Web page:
The Link Between Marijuana and Car Accidents

The general consensus is Massachusetts will be among the next wave of states to legalize marijuana. The Huffington Post explains our state has already decriminalized the drug and legalized it for medical use.As well, poll results show approximately half of the state supports the taxation and regulation of legalized cannabis. These facts raise obvious concerns for residents, namely the effect it will have on the safety of our roads.

The link between marijuana use and car accidents is highly contested in the media. Some experts claim the drug is just as dangerous as alcohol among drivers, warning the number of crashes will skyrocket as more states legalize it.

Some researchers say approximately 25 percent of traffic fatalities involve drug use. Others counter that marijuana users are better than drunk drivers because they tend to realize they are impaired and slow down or take extra care while driving.

Research Indicates Cannabis Produces Genuine Impairment

However, most experts agree: Marijuana can affect decision making, impede multitasking and obstruct peripheral vision. The exact extent of the impairment is less important than the fact that impairment exists.

Most researchers conclude there is no way to know the effect of legalization for certain until it happens. Even so, anecdotal evidence suggests cannabis use can lead to car accidents in some situations.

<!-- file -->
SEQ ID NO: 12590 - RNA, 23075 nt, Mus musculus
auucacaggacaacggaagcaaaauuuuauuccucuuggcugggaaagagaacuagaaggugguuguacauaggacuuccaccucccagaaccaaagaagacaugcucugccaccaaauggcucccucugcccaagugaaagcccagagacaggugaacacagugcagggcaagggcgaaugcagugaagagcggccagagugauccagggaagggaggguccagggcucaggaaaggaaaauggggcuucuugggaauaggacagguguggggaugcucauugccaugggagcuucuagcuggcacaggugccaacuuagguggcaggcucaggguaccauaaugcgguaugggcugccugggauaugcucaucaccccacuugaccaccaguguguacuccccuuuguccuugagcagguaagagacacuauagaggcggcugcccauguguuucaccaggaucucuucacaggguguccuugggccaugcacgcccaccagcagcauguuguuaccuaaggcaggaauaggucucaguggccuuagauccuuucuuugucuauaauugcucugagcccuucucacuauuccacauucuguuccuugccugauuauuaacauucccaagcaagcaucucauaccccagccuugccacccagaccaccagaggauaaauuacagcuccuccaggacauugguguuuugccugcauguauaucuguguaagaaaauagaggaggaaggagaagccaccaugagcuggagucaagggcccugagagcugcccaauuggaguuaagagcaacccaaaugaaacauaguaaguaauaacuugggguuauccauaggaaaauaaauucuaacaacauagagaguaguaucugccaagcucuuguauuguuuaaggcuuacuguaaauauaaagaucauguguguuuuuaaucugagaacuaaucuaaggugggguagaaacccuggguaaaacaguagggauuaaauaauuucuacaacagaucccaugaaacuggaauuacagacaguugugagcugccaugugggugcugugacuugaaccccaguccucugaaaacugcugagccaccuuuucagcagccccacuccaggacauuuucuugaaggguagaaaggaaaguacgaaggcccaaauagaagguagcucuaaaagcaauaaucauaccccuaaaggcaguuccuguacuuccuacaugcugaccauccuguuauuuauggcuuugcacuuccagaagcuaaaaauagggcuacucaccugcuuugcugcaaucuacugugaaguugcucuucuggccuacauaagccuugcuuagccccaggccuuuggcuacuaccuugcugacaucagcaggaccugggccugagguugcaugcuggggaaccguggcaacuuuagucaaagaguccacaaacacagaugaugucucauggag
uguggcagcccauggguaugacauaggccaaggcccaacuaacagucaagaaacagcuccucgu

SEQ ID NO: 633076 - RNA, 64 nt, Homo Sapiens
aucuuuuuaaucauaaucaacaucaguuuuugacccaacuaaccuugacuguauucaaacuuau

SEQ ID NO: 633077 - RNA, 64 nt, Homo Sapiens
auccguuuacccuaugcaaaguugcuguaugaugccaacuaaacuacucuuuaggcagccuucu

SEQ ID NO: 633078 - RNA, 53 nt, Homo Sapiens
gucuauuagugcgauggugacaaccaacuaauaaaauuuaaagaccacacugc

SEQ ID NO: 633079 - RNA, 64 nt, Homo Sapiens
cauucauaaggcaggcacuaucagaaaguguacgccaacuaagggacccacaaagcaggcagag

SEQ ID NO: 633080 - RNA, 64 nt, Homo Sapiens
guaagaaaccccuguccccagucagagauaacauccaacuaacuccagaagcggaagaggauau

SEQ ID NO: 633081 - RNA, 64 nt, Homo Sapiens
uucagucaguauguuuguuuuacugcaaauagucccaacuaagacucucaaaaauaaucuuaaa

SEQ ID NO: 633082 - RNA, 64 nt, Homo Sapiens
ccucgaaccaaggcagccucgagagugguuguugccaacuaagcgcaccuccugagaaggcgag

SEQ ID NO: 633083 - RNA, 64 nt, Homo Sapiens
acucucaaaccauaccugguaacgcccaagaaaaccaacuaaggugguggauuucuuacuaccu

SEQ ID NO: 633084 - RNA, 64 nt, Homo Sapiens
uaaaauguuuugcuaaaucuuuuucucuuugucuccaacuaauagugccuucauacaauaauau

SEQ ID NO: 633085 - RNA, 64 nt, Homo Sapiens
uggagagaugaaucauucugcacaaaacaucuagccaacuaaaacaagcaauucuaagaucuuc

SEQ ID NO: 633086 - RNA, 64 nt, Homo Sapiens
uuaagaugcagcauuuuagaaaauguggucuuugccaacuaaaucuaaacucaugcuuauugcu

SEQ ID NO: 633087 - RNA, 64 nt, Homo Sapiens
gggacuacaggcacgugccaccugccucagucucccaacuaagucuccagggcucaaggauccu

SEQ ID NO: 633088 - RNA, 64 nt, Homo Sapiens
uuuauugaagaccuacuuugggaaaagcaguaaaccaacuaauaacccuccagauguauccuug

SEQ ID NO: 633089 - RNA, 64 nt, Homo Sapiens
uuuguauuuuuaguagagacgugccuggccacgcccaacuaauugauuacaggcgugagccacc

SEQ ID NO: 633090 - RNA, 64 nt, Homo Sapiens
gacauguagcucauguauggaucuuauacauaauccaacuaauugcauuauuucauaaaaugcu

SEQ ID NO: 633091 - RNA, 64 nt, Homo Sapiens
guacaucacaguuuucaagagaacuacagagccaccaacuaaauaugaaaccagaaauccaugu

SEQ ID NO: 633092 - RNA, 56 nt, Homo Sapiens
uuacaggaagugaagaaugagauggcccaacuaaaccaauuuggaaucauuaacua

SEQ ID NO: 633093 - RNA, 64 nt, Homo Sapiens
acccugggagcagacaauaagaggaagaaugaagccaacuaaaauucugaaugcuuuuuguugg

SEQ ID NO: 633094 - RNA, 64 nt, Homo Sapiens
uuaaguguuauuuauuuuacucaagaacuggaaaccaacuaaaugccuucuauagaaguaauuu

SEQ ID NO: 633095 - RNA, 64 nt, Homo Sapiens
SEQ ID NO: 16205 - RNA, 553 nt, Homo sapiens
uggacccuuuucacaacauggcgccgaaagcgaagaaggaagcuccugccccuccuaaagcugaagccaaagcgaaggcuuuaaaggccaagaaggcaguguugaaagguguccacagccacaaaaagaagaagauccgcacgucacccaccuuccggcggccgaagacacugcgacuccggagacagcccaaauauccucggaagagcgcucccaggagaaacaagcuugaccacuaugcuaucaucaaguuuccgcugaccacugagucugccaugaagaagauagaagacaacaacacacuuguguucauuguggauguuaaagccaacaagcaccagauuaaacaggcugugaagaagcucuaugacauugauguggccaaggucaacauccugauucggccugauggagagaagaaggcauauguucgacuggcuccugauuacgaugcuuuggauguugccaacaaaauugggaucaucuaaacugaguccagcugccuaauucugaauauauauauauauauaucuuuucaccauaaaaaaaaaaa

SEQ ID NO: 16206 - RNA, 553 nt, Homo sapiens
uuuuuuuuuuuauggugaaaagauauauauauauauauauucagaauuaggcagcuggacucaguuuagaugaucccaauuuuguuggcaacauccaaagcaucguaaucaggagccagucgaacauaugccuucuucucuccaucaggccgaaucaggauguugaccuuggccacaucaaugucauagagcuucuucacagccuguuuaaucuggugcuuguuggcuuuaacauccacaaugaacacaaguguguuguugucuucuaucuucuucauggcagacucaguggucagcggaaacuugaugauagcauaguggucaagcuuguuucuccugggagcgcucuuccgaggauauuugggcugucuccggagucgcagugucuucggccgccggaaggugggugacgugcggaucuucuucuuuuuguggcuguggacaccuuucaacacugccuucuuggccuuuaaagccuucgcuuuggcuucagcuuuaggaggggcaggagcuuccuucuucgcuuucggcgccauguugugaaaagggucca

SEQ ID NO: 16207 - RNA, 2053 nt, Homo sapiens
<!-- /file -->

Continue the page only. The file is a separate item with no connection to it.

In any case, when an impaired driver causes a car accident that injures an innocent pedestrian or motorist, the victim deserves compensation. At Colucci, Colucci, Marcus & Flavin, P.C., we are committed to help accident victims whether the driver was drunk, high or otherwise distracted. We carefully analyze all the cases we accept, and we conduct thorough investigations to maximize compensation.

If you are ready to speak with an experienced personal-injury lawyer in Boston, call us at (617) 698-6000.

Driver Admits to Smoking Marijuana After Striking Cyclist

Dispatch News reports Tj Justice was driving home from the grocery store when he struck a cyclist. Police interviewed Justice, who said he’d used the drug the previous night.

In response, officers conducted a blood test and found Justice most likely smoked the day the accident occurred. Police also reported Justice was speeding by as much as 10 mph. The cyclist, Eldridge Griffith, died at the hospital from his injuries.

Prosecutors looked into the case and found police had cited Justice for driving while intoxicated four times, but they weren’t sure a judge would allow that information in court. Furthermore, surveillance video shows it was possible that Justice couldn’t see the cyclist because of another driver.

Although Justice will not face any criminal charges for the crash, Griffith’s family could still file a lawsuit against him. If you are worried you won’t find justice through a criminal trial after a car accident with an impaired driver, let a personal-injury lawyer from our firm help. Contact us at (617) 698-6000.